August 10, 2004
Although automakers' demands on automotive stampers fluctuate, under normal conditions, the variation in quantities of parts required is 20 percent or less. Most of the time the variation is substantially lower, although seasonal changes, such as holidays and plant shutdowns, can have an impact on demand.
This low fluctuation in demand gives stamping plants an opportunity to level out their weekly production based on demand history and rolling forecasts provided by the automakers and Tier 1 suppliers.
Automakers often require daily, semiweekly, or weekly deliveries from their stamping suppliers. When stamping plants run production on a weekly basis to meet this demand pattern, they can substantially reduce schedule variations. Stampers can smooth out the levels of incoming raw materials, encouraging more reliable, repeatable performance from their own material suppliers.
This is where sequence scheduling comes in. The sequence scheduling methodology is conducive to leveling production with a small buffer of finished-goods inventory to accommodate demand fluctuations, particularly increases. If inventory monitoring shows an increase in finished goods, the stamper can choose a corrective action: either skip a week of production of a part when the buffer reaches the level required to meet the next weekly demand, or lower the weekly production quantity until the buffer is consumed.
The relatively predictable demand and frequent delivery pattern in automotive stamping allow for the same parts to run every week in the same quantities while allowing for production quantity adjustments caused by demand variations. Traditionally, stamping plant personnel run the parts on the same press every week, despite the fact that dies may be used in other presses with the same or similar characteristics. Sequence scheduling is an ideal application in this environment.
A low production quantity may not justify weekly production runs. In this situation, stampers should schedule production runs every two weeks and maintain a sequence on that basis for parts in that category. The company would then repeat the same sequence each subsequent week.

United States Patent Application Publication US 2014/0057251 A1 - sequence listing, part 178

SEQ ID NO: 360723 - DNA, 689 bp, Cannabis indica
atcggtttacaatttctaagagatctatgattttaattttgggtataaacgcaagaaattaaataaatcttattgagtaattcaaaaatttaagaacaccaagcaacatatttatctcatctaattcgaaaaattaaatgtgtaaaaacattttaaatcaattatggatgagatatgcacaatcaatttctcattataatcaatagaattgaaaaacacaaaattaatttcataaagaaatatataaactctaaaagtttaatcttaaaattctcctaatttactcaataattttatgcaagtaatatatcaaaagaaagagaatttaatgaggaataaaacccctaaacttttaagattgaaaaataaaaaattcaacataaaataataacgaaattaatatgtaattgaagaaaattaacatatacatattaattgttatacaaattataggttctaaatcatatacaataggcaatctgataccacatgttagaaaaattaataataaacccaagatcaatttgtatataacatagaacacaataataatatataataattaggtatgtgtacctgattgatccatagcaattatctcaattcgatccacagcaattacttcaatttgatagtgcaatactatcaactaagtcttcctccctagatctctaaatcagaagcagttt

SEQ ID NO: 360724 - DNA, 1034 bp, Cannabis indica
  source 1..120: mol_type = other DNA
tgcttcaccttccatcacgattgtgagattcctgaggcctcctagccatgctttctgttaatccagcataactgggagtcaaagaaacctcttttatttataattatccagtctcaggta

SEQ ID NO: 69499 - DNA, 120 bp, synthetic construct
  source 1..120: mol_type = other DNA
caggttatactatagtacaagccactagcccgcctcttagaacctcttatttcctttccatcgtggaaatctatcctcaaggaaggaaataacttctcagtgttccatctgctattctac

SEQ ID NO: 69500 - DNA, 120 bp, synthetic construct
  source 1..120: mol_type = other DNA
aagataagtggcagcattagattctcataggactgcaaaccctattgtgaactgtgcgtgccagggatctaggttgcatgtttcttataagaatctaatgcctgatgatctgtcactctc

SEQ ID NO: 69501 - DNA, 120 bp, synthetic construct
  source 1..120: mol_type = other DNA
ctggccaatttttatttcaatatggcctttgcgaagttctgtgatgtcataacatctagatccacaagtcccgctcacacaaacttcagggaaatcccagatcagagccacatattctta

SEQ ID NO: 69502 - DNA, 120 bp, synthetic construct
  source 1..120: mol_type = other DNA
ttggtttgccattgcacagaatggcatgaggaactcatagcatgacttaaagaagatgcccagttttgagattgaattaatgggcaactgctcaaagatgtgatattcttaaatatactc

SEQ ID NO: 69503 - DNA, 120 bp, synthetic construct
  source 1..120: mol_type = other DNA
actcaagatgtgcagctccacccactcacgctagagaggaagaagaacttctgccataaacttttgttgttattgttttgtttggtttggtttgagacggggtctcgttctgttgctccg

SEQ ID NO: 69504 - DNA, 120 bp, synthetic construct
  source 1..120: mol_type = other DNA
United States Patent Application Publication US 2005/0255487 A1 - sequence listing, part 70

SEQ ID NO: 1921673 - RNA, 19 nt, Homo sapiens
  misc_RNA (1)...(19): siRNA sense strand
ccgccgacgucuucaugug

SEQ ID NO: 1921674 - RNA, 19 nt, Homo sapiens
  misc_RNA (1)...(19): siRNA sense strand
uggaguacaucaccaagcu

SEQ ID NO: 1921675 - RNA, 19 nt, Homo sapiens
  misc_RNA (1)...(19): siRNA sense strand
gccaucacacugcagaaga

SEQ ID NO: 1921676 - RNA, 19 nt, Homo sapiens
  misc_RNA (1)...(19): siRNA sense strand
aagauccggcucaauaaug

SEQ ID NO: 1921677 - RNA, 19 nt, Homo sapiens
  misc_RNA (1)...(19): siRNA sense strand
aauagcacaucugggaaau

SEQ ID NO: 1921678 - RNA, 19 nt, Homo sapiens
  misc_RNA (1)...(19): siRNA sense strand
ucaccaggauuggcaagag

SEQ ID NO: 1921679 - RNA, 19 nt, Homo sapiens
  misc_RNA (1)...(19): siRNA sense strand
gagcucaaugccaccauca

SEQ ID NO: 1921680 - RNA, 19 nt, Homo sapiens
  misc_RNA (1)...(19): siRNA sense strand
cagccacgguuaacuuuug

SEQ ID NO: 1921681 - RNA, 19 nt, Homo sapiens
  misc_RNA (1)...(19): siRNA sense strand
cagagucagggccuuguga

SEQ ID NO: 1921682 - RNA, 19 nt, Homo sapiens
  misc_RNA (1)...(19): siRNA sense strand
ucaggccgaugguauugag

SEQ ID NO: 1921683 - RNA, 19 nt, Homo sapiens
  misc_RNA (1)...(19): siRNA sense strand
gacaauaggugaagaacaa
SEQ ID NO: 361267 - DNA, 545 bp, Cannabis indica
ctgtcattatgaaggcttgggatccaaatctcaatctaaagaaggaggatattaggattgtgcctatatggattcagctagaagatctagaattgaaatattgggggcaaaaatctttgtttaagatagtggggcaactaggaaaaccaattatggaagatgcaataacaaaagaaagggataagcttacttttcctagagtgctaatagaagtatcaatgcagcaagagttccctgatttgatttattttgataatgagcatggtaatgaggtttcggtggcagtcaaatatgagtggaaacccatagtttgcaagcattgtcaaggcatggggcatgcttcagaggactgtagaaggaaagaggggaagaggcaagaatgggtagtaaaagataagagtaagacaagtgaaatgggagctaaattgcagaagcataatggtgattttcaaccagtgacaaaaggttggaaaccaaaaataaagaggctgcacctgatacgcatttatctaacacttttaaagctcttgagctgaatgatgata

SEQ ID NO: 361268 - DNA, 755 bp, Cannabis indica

Raw material can be delivered on a just-in-time (JIT) basis for the scheduled production runs. The timing for using production-ready tooling can be synchronized with the sequence scheduling pattern, providing time for tool maintenance between scheduled production runs.
The production sequence schedule should incorporate lead-time allowances for secondary operations, although it is not necessary to schedule those operations specifically. A modified kanban approach can be used to schedule them.
In a typical kanban operation, when parts are low for secondary operations, the empty container is returned to the upstream operations, which is the signal to make more parts, fill the container on a JIT basis, and return it to the operation that created the demand.
With sequence scheduling, the container is filled according to the sequence run pattern established, so that some time elapses before the container is refilled and returned to the secondary operation.
Weekly production quantities can be communicated to both internal and external providers of secondary operations. Secondary operations should begin as soon as the parts arrive from stamping operations.
Developing a sequence scheduling protocol requires a thorough analysis of production requirements, capacity utilization, efficiencies, production rates, delivery lead-times, customer demand, production frequency, delivery frequency, finished-goods buffers, production quantities, and inventory levels. After this analysis is complete, the sequence scheduling format can be developed.
During week 1 beginning on Monday, a stamper runs parts 101 and 102, runs part 103 on Tuesday and Wednesday, runs part 104 on Thursday, and on Friday runs part 105. The week 2 production schedule is the same as week 1 except for changes in demand.
For example, during week 1 beginning on Monday, the stamper can run parts 101 and 102, run part 103 on Tuesday and Wednesday, run part 104 on Thursday, and on Friday run part 105. The week 2 production schedule is the same as week 1 except for changes in demand (see Figure 1).
Excel spreadsheets can provide a viable scheduling solution on a stand-alone basis. The sequence scheduling format also can be easily integrated into an existing information technology system, which can download the electronic data interchange (EDI) data containing customer delivery requirements to the scheduling tools, reducing the requirement for manual data entry.
While EDI schedule data provides delivery quantities and due dates, sometimes it does not fit perfectly with the ideal production quantities and frequencies of production runs. In this situation, the production scheduler will have to edit the EDI data, applying some common sense based on knowledge of the customer delivery frequency patterns.
Establishing a production schedule routine on a sequence scheduling basis can provide an automotive stamping shop with:
The schedule regularity provided by sequence scheduling creates a routine the entire organization and outside secondary-operation providers can understand. Everyone will know the weekly expectations and tailor their production schedules, staffing, and capacity to meet them on a regular basis.
Frank G. Rubury is president of The Rubury Company, P.O. Box 1240, Dover, NJ 07802, 973-726-9007, fax 973-726-9490, firstname.lastname@example.org.
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